Samuel Schmitt: Right. So, um, I try to explain what for my personal, uh, for my tool for through basically the audience is always the same. So at some point, you know, the writer are aware of. Who we are targeting because we are targeting basically SEO and the copywriters. So my audience say. More or less always the same. So now they are [00:11:00] familiar with that.

    I briefed them once about our main persona. So they know as well how to, how to, um, how to shape, um, the writing. 

    Ashley Segura: Okay. So since you’re, you’re for the most part, always speaking to the same audience, how often are you going in and doing audience research? Like if your audience isn’t changing, do you ever find that?

    The type of content that they’re looking for is changing or for your specific audience. Is it kind of the same information and just creating pillar pieces of content to satisfy that? 

    Samuel Schmitt: It’s really an interesting question. So, because, well, I’m in the process of. By the way of evaluating my, uh, in more detail, who are my readers?

    Who are my users so far? What I’m doing is kind of reverse engineering, you know, based on the top performing article, you know, because I’m writing in fact, different articles. I’m writing articles for B2B [00:12:00] SaaS. I’m writing articles for bloggers. I’m writing articles for, let’s say, uh, agencies. And then based on that and base, so I have different.

    Different articles on my blog, right? And then I try to figure out which of them are the most performing. And then I, I assume that this is my audience. I don’t know if I’m clear, you know, but I know I’m in this process, let’s say of reverse engineering, but at what I will also do very soon is doing a survey to my users to be, to get more insights about.

    What is our industry, what is our, is our B2B, B2C and so on, you know, and, um, so yeah, I, but I need to, I need to refine more or less my, uh, my audience analysis, yeah. 

    Ashley Segura: I love that you mentioned surveys. I’m a big proponent of still doing surveys. I feel like surveys are kind of like that [00:13:00] traditional marketing method, but it really is a way to tap into your audience.

    Have you thought about. What kind of survey or what the survey would look like? Like, is this an email blast of, Hey, who are you? Or something on 

    Samuel Schmitt: social. Yeah, no, well, it will be, well, for sure I have, um, my database of users, so it should be an email blast, but also maybe I will, because I’m, I’m building a SaaS, so the chance that I have is that I can also pop up in the tool, some, some questions at some time, you know, I could just, uh, ask what is your, um, main, uh, industry, you know, I can, I can ask step by step to gather some, some information about my users.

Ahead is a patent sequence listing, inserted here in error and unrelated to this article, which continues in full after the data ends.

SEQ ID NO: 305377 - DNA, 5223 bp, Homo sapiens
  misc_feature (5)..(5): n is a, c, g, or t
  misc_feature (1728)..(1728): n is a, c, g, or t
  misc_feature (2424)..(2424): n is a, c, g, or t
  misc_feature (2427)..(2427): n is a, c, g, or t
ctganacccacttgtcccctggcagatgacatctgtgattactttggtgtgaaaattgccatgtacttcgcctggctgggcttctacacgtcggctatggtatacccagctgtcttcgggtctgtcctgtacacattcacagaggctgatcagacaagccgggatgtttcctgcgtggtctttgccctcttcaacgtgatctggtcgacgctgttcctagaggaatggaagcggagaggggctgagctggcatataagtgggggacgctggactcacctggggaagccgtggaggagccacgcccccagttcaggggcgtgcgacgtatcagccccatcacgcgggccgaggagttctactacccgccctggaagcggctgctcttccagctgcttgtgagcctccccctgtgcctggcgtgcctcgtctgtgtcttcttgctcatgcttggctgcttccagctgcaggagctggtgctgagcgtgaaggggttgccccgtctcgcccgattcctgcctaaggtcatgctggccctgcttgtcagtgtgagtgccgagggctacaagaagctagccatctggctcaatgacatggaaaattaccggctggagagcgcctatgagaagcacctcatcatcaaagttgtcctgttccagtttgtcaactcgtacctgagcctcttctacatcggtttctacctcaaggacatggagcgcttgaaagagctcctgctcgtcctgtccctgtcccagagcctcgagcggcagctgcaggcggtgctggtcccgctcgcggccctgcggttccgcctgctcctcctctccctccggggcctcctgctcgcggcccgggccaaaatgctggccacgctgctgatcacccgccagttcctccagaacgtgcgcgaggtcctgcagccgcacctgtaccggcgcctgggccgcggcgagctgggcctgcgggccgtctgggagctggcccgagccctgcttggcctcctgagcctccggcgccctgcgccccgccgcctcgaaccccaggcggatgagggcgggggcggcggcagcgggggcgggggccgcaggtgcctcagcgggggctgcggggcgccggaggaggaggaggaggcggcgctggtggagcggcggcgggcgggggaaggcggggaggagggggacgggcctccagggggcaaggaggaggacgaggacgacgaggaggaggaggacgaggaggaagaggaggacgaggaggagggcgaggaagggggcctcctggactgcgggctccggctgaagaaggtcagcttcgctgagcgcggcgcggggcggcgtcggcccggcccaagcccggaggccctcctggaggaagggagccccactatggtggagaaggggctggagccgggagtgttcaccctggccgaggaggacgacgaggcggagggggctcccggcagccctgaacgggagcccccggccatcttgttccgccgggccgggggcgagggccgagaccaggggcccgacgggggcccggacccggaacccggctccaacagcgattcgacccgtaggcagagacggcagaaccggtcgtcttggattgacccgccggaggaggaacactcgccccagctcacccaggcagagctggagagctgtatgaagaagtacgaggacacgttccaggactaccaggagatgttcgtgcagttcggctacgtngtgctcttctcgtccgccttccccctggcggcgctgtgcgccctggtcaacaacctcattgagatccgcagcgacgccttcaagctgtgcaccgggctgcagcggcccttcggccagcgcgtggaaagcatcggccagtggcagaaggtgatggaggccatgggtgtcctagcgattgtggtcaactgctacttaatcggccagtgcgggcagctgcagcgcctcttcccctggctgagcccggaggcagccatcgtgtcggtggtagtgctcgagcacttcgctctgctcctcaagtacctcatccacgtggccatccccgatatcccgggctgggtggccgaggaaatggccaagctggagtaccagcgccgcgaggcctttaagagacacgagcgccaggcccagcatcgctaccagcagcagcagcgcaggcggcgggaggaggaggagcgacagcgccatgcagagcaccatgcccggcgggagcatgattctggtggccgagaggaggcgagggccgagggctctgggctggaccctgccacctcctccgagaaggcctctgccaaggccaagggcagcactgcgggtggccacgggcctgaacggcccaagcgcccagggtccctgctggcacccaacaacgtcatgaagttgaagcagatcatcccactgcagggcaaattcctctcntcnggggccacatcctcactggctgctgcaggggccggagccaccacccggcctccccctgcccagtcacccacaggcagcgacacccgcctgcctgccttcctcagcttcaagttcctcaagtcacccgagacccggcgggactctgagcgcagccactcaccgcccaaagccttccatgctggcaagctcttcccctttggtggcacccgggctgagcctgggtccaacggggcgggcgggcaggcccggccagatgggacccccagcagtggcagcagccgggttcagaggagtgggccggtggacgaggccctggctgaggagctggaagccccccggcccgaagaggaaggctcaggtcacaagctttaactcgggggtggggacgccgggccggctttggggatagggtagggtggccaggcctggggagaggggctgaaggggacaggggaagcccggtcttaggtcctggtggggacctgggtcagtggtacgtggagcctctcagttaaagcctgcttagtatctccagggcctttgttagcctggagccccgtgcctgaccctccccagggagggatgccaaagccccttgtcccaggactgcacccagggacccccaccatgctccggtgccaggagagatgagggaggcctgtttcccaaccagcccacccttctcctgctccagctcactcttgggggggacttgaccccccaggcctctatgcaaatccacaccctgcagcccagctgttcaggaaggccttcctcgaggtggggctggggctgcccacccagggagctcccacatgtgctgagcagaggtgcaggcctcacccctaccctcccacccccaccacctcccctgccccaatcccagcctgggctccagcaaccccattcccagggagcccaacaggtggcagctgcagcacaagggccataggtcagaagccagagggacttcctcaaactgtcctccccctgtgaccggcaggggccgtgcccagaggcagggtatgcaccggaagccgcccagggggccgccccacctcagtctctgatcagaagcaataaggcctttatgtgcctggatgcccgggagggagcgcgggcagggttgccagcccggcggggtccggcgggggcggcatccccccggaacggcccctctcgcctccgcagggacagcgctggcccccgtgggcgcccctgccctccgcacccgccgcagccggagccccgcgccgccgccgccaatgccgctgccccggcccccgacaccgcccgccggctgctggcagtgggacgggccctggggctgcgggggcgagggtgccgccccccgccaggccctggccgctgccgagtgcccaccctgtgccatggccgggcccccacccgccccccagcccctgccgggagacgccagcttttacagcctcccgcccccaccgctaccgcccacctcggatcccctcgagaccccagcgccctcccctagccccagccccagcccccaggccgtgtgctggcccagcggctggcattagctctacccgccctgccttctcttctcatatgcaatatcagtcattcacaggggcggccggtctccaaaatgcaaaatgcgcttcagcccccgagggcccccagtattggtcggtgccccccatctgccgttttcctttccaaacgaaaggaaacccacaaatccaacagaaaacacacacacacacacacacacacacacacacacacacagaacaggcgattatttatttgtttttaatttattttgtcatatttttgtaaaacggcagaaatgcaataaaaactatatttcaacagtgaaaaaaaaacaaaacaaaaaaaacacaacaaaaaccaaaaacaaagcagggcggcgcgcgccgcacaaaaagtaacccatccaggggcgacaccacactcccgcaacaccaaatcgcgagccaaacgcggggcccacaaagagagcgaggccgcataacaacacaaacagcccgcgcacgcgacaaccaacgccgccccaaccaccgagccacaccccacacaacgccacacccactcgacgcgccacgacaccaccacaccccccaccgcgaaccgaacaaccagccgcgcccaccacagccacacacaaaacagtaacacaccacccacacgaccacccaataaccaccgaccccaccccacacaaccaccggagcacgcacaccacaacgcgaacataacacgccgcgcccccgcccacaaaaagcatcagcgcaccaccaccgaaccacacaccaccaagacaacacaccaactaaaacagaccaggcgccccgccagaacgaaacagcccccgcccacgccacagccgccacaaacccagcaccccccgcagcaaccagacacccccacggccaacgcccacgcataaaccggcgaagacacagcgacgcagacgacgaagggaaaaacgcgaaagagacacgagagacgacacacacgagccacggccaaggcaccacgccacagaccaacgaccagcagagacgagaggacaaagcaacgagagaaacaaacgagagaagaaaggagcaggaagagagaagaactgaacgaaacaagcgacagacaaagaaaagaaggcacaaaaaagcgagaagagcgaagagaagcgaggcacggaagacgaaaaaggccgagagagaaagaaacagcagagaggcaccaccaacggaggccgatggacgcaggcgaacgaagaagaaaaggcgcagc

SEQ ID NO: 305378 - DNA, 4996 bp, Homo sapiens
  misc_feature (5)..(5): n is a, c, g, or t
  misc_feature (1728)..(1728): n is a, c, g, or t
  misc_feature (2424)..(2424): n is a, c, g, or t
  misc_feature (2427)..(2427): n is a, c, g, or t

I might. Okay. Do both having a kind of email blast with a survey, a Google form, please tell me who you are. And then trying also over time to gather insight directly inside the application. 

    Ashley Segura: Yeah, that’s a great approach. You definitely have to keep me posted how that goes. Yeah, sorry. Go [00:14:00] ahead. 

    Samuel Schmitt: Oh, no, go for it.

    I mean, but then I’m not doing that as well. The team is not big enough, let’s say, to do the following. I could also analyze the data that they create, you know, because my users are creating content briefs for specific industries. I could analyze the titles, I could analyze the data, but I’m not doing that, by the way.

    So don’t worry, I’m not analyzing your data. But it’s something I could potentially do as well to understand to which kind of audience they are writing for. And And assuming they’re, uh, their targets. 

    Ashley Segura: I mean, that is a really interesting approach. I mean, if you, if you go into my through account, you’re gonna see a, a pretty wide range of, of briefs Yes.

    And keywords in there. But yeah, that, that would be an interesting approach. One of the things that I struggle with the most, even if, if I’m using a tool or trying to create a outline manually, is the heading part, the heading structure of it, which. Arguably is also, I think, the most important [00:15:00] part because it dictates what information is going to be in that content.